Changing the World Through Fiction

I recently gave a presentation at the Cat Writers’ Conference called Changing the World Through Fiction: 7 (plus 1) techniques to effectively promote your point of view and was asked if I had recorded it. I had not, but I do have a this for you:

Today’s society calls for more from a fiction writer than a fluff-piece. It’s our obligation to bring light to the causes and conflicts of our world. In my presentation, Changing the World Through Fiction,  I offer methods that even the coziest of writers can implement to gently present their values within their story.

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If you feel something strongly, it’s easy to talk about it. Sometimes ad nauseam. I’m like that when it comes to cats. I love cats, have cats in my home, I foster sick cats and volunteer at a cat shelter. I attend classes about cat health and behavior. I write cat mysteries and cat poetry as well as a little cat fantasy sci-fi.

It’s not just a cute kitty thing with me; it’s a lifestyle, a relationship, and with it comes responsibility. A lot of bad things happen to animals in this world, and that must change. Indian visionary Mahatma Gandhi said, “The greatness of a nation and its moral progress can be judged by the way its animals are treated.” I’ve chosen to be a cat advocate, both in real life and on the page. It may come down to saving one cat at a time, but it’s okay. No kindness is ever too small.

Sometimes I get carried away talking about shelters, rescues, or animal aid. People’s eyes glaze over, and they begin to hear only the words: cat cat cat cat cat. If that happens at a meeting, they can just walk away, but if I bore them on the page, they will put the book down and may never pick it up again.

As fiction writers, it’s important to remember the point of our writing is to tell an entertaining story, but that doesn’t mean we can’t educate and enlighten at the same time, without using soapbox rhetoric or putting our readers to sleep.

  1. Pick your battles, and your cause. You can’t champion everything. Choose 1 or 2 matters significant to you.

  1. Tighten up. Keep your cause-talk short, but make every word count.

  1. Establish your place. Use epigraphs, quotes, or an afterward as the vehicle for your cause.

  1. Why so serious? Don’t forget to include your cause’s lighter components.

  1. Show, don’t tell. Weave the cause into your story instead of pitching it on its own.

  1. Whisper, don’t shout. Be subtle: don’t give in to the urge to lecture or preach.

  1. Write to entertain. Make it fun. After all, that’s why people read fiction.

“Eliminate the negative.”

As my father-in-law often sang:

   “You’ve got to accentuate the positive,

Eliminate the negative,

Latch on to the affirmative

Don’t mess with Mister In Between.” 

    –Music by Harold Arlen; lyrics by Johnny Mercer; singer: Bing Crosby 1944 

All causes are based on something bad that needs to be changed, but keeping your attitude “positive” will leave your readers feeling optimistic about both your cause and your book.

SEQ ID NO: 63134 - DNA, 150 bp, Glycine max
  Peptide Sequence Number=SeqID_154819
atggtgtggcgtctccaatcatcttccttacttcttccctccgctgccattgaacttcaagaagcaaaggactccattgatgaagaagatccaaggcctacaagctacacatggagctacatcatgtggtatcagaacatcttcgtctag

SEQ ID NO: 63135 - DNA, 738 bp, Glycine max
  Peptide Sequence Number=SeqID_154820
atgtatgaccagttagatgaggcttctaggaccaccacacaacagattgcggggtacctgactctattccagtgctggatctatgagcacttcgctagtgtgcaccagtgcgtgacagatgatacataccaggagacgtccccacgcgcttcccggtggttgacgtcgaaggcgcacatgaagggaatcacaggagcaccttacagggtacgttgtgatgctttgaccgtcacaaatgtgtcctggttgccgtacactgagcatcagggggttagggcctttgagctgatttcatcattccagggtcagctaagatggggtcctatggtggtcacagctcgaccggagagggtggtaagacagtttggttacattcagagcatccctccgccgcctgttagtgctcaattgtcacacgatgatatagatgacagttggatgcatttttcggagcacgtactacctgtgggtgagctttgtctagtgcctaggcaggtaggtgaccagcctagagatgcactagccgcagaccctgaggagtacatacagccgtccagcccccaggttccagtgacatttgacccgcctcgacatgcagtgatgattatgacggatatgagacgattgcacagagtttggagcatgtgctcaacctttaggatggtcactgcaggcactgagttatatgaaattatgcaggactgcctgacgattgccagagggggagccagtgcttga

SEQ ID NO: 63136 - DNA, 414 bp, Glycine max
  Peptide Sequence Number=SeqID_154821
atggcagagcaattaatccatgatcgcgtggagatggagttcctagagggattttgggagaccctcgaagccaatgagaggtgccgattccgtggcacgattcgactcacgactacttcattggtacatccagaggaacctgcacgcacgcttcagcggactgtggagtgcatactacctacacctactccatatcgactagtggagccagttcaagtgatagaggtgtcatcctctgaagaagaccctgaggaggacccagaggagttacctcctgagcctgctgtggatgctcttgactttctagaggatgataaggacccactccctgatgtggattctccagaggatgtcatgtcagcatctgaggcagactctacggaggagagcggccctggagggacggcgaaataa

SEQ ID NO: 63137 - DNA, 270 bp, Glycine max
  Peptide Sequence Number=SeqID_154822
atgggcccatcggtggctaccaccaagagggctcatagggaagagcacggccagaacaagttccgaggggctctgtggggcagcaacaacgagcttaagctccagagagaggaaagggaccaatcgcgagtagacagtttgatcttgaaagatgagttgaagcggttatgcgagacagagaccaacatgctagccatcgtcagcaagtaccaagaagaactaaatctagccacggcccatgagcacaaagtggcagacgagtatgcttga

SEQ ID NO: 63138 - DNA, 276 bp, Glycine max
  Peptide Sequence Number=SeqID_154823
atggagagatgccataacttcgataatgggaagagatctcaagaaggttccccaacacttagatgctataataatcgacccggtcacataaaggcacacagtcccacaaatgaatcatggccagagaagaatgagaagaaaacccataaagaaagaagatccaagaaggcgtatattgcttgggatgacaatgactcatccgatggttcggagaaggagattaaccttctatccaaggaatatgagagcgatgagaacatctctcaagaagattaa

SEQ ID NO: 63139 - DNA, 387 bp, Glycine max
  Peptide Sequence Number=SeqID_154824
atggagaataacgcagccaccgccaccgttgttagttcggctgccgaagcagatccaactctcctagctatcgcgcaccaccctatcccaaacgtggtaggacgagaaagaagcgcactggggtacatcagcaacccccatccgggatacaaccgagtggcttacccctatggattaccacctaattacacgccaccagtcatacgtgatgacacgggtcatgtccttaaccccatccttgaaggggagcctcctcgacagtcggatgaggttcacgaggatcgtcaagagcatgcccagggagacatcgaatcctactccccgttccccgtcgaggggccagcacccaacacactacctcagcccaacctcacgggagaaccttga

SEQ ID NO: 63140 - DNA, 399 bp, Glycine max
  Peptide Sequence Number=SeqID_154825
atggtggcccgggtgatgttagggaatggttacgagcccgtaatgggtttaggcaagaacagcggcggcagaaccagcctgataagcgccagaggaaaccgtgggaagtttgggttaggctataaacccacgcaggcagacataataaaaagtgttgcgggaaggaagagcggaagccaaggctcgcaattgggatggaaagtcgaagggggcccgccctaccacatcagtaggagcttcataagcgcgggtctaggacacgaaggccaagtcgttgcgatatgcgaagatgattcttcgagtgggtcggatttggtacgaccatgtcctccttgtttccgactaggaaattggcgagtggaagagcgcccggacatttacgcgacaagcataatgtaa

Thanks for playing along, and please let me know if you have any questions. Now, go out and change the world!

Mollie Hunt, Cat Writer

www.lecatts.wordpress.com

 

 

 

 

 

 

 

 

 

 

 

 

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About Mollie Hunt

I am the crazy cat lady, animal shelter volunteer, Trekkie, and mystery writer. I live in the rainy Pacific Northwest and will watch any TV show or movie filmed here. Even though I am of a goodly age (sixty-something) I go to Star Trek conventions in costume and am not afraid to be by myself. I enjoy my life in the cat lane. Words to live by: Spay and neuter; Live long and prosper; Grant me the serenity to accept the things I cannot change, courage to change the things I can and the wisdom to know the difference.
This entry was posted in CAT WRITERS, Crazy Cat Lady Mysteries & More, Writing and tagged , , , , , , , . Bookmark the permalink.

9 Responses to Changing the World Through Fiction

  1. Hi. Great article and I wish I had been able to be there at CWA to hear this in person, and to meet you. The best messages are those we get without being forced, and I do feel we should be messengers for good, but never shy away from explaining the bad side of life, too. My plus one now, is that there is always a plus side we can end up on….
    Toodle pips and purrs
    ERin

  2. chrisscatmeow says:

    Really enjoyed reading this and looking at the pictures…I love cats,volunteered at Cats protection read about them enjoy my boys company. I would have loved to be a foster mum and thought when my son leaves home this is what I would do alas I will always have to care for my 20 year old son. I read Island Cats and would loved to have went to Malta on the Island of Goa there are many strays that need help. I thought I would be able to go somewhere and live the rest of my life helping Cats and kittens…but this is not to be….

  3. I know your presentation had to be most wonderful!

  4. Valentine says:

    I bet your purr-sentation was very popular with attendees! Mom wishes she had been there. Maybe next year. Purrs.

  5. Allison says:

    Finding a passion can really help give one a voice. I spent several years being aimless with my writing. At the same time, I was feeding feral cats, socializing shelter animals, and fostering homeless animals.

    When I began blogging for a local animal welfare group, I found my love. Now everything I write is about animals. I’m also thinking about taking some classes and maybe volunteering at a shelter.

    Thanks for this article. I’m sharing it with my writing group.

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